Ji-Woo Lee, Song-You Hong, Eun-Chul Chang, Myoung-Seok Suh, and Hyun-Suk Kang, 2013: Assessment of future climate change over East Asia due to the RCP scenarios downscaled by GRIMS-RMP, Climate Dynamics, soi:10.1007/s00382-013-1841-6.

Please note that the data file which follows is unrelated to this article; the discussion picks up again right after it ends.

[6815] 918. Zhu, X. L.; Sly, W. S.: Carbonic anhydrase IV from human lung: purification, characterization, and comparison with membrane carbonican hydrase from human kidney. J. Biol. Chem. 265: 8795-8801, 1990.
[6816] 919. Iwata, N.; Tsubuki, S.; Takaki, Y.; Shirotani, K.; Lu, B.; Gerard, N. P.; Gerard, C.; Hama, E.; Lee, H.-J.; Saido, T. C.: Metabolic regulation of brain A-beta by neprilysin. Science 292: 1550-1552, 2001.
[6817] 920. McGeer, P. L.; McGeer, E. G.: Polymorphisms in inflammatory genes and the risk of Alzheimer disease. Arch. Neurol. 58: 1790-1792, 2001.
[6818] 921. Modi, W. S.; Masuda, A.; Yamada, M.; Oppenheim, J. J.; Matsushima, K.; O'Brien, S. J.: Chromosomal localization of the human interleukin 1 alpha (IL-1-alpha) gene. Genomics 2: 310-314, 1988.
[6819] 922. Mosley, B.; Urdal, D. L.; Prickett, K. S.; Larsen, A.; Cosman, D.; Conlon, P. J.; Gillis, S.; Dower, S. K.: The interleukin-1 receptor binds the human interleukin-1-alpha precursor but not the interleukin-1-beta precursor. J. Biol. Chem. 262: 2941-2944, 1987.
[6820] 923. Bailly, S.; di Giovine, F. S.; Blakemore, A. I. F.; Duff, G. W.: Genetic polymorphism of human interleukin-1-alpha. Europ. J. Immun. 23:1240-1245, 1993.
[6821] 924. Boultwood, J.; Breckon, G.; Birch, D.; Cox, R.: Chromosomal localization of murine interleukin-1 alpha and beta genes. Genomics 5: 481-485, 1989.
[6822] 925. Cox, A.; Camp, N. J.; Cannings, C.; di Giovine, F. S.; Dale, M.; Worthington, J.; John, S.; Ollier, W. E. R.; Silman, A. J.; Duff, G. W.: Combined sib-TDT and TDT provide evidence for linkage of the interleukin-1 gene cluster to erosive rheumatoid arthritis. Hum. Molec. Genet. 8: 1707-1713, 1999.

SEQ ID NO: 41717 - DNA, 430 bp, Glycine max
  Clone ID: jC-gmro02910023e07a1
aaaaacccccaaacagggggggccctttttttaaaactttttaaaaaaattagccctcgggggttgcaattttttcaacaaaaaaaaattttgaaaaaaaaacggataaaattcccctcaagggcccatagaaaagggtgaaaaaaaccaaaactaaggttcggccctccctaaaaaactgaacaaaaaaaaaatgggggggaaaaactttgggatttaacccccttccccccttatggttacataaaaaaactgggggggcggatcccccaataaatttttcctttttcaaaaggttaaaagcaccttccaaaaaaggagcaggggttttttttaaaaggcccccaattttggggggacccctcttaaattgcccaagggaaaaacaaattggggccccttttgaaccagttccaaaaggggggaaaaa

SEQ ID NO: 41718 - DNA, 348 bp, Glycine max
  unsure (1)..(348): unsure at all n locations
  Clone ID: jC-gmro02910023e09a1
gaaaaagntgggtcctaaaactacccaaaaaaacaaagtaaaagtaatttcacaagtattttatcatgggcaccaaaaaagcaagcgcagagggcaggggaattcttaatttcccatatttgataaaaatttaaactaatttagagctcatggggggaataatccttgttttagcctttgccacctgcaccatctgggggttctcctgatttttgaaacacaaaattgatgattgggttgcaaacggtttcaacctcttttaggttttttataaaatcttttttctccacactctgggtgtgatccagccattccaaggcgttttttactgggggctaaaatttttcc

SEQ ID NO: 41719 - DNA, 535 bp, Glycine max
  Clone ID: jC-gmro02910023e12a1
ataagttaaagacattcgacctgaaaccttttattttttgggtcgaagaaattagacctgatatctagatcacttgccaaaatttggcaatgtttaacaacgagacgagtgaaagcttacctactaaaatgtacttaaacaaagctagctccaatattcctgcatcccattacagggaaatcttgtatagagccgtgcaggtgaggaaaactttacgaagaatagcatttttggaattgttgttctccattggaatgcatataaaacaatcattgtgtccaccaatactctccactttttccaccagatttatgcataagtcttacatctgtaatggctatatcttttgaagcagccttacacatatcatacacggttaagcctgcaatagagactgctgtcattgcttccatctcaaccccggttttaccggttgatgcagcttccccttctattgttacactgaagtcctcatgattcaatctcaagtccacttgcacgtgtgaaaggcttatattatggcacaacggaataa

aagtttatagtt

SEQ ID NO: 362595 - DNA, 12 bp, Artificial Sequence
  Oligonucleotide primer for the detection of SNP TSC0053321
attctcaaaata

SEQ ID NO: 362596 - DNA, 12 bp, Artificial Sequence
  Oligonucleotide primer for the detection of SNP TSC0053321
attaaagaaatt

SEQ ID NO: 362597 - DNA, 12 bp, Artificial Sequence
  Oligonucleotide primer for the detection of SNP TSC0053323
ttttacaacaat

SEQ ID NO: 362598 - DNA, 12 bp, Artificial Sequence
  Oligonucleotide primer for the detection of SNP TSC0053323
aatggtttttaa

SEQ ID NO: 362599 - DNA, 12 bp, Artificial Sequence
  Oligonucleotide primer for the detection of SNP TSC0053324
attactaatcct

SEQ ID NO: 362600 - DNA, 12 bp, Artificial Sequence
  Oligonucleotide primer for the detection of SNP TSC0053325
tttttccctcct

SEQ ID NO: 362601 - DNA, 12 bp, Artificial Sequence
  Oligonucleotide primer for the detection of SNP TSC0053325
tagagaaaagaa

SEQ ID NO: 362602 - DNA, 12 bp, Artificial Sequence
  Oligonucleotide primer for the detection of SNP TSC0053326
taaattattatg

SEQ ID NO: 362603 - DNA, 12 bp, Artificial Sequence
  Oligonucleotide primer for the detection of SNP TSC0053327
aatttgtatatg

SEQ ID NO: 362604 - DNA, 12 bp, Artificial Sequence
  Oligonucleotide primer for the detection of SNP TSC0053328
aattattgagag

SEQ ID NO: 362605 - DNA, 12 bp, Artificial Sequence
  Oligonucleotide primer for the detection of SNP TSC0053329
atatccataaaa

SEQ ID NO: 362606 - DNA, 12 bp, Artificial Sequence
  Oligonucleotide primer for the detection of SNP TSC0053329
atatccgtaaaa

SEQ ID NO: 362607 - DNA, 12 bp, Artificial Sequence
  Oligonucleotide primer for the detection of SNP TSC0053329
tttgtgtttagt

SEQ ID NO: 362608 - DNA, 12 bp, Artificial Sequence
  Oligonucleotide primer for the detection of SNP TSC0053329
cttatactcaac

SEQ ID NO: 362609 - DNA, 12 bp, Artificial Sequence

This study assesses future climate change over East Asia using the Global/Regional Integrated Model system—Regional Model Program (RMP). The RMP is forced by two types of future climate scenarios produced by the Hadley Center Global Environmental Model version 2 (HG2); the representative concentration pathways (RCP) 4.5 and 8.5 scenarios for the intergovernmental panel on climate change fifth assessment report (AR5). Analyses for the current (1980–2005) climate are performed to evaluate the RMP’s ability to reproduce precipitation and temperature. Two different future (2006–2050) simulations are compared with the current climatology to investigate the climatic change over East Asia centered in Korea. The RMP satisfactorily reproduces the observed seasonal mean and variation of precipitation and temperature. The spatial distribution of the simulated large-scale features and precipitation by the RMP is generally less reflective of current climatic conditions than that is given by the HG2, but their inter-annual variations in East Asia are better captured by the RMP. Furthermore, the RMP shows higher reproducibility of climate extremes including excessive heat wave and precipitation events over South Korea. In the future, strong warming is distinctly coupled with intensified monsoonal precipitation over East Asia. In particular, extreme weather conditions are increased and intensified over South Korea as follows: (1) The frequency of heat wave events with temperature greater than 30 °C is projected to increase by 131 and 111 % in the RCP 8.5 and 4.5 downscaling, relative to the current climate. (2) The RCP 8.5 downscaling shows the frequency and variability of heavy rainfall to increase by 24 and 31.5 %, respectively, while the statistics given by the RCP 4.5 downscaling are similar to those of the current climate.